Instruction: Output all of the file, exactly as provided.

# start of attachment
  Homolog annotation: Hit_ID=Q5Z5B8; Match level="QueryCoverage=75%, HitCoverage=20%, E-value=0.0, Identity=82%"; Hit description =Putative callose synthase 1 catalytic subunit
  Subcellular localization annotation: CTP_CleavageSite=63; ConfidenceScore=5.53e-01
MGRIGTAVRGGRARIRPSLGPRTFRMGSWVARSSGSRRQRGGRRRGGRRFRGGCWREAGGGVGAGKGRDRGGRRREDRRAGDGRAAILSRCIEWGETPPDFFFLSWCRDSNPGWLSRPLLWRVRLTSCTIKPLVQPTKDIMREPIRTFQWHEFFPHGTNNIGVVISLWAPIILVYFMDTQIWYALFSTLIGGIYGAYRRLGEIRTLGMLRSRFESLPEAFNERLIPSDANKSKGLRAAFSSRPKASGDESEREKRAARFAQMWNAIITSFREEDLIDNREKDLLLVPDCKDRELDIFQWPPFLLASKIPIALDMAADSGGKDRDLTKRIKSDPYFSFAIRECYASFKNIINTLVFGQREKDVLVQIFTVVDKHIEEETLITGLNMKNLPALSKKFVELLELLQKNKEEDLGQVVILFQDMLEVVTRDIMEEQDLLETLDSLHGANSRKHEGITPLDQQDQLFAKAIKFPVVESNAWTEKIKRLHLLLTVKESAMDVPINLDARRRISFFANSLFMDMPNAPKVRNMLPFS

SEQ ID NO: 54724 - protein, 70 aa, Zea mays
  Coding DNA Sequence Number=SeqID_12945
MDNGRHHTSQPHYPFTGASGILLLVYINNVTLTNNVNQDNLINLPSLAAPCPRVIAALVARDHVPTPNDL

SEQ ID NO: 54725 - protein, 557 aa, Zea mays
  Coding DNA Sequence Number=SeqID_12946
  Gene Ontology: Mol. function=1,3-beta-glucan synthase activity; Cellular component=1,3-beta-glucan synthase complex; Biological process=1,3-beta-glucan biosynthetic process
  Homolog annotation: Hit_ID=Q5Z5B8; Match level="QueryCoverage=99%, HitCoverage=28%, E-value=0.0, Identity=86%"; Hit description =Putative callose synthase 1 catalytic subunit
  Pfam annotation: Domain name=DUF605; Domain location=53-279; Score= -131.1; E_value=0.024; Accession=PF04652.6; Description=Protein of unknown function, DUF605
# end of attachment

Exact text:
  Homolog annotation: Hit_ID=Q5Z5B8; Match level="QueryCoverage=75%, HitCoverage=20%, E-value=0.0, Identity=82%"; Hit description =Putative callose synthase 1 catalytic subunit
  Subcellular localization annotation: CTP_CleavageSite=63; ConfidenceScore=5.53e-01
MGRIGTAVRGGRARIRPSLGPRTFRMGSWVARSSGSRRQRGGRRRGGRRFRGGCWREAGGGVGAGKGRDRGGRRREDRRAGDGRAAILSRCIEWGETPPDFFFLSWCRDSNPGWLSRPLLWRVRLTSCTIKPLVQPTKDIMREPIRTFQWHEFFPHGTNNIGVVISLWAPIILVYFMDTQIWYALFSTLIGGIYGAYRRLGEIRTLGMLRSRFESLPEAFNERLIPSDANKSKGLRAAFSSRPKASGDESEREKRAARFAQMWNAIITSFREEDLIDNREKDLLLVPDCKDRELDIFQWPPFLLASKIPIALDMAADSGGKDRDLTKRIKSDPYFSFAIRECYASFKNIINTLVFGQREKDVLVQIFTVVDKHIEEETLITGLNMKNLPALSKKFVELLELLQKNKEEDLGQVVILFQDMLEVVTRDIMEEQDLLETLDSLHGANSRKHEGITPLDQQDQLFAKAIKFPVVESNAWTEKIKRLHLLLTVKESAMDVPINLDARRRISFFANSLFMDMPNAPKVRNMLPFS

SEQ ID NO: 54724 - protein, 70 aa, Zea mays
  Coding DNA Sequence Number=SeqID_12945
MDNGRHHTSQPHYPFTGASGILLLVYINNVTLTNNVNQDNLINLPSLAAPCPRVIAALVARDHVPTPNDL

SEQ ID NO: 54725 - protein, 557 aa, Zea mays
  Coding DNA Sequence Number=SeqID_12946
  Gene Ontology: Mol. function=1,3-beta-glucan synthase activity; Cellular component=1,3-beta-glucan synthase complex; Biological process=1,3-beta-glucan biosynthetic process
  Homolog annotation: Hit_ID=Q5Z5B8; Match level="QueryCoverage=99%, HitCoverage=28%, E-value=0.0, Identity=86%"; Hit description =Putative callose synthase 1 catalytic subunit
  Pfam annotation: Domain name=DUF605; Domain location=53-279; Score= -131.1; E_value=0.024; Accession=PF04652.6; Description=Protein of unknown function, DUF605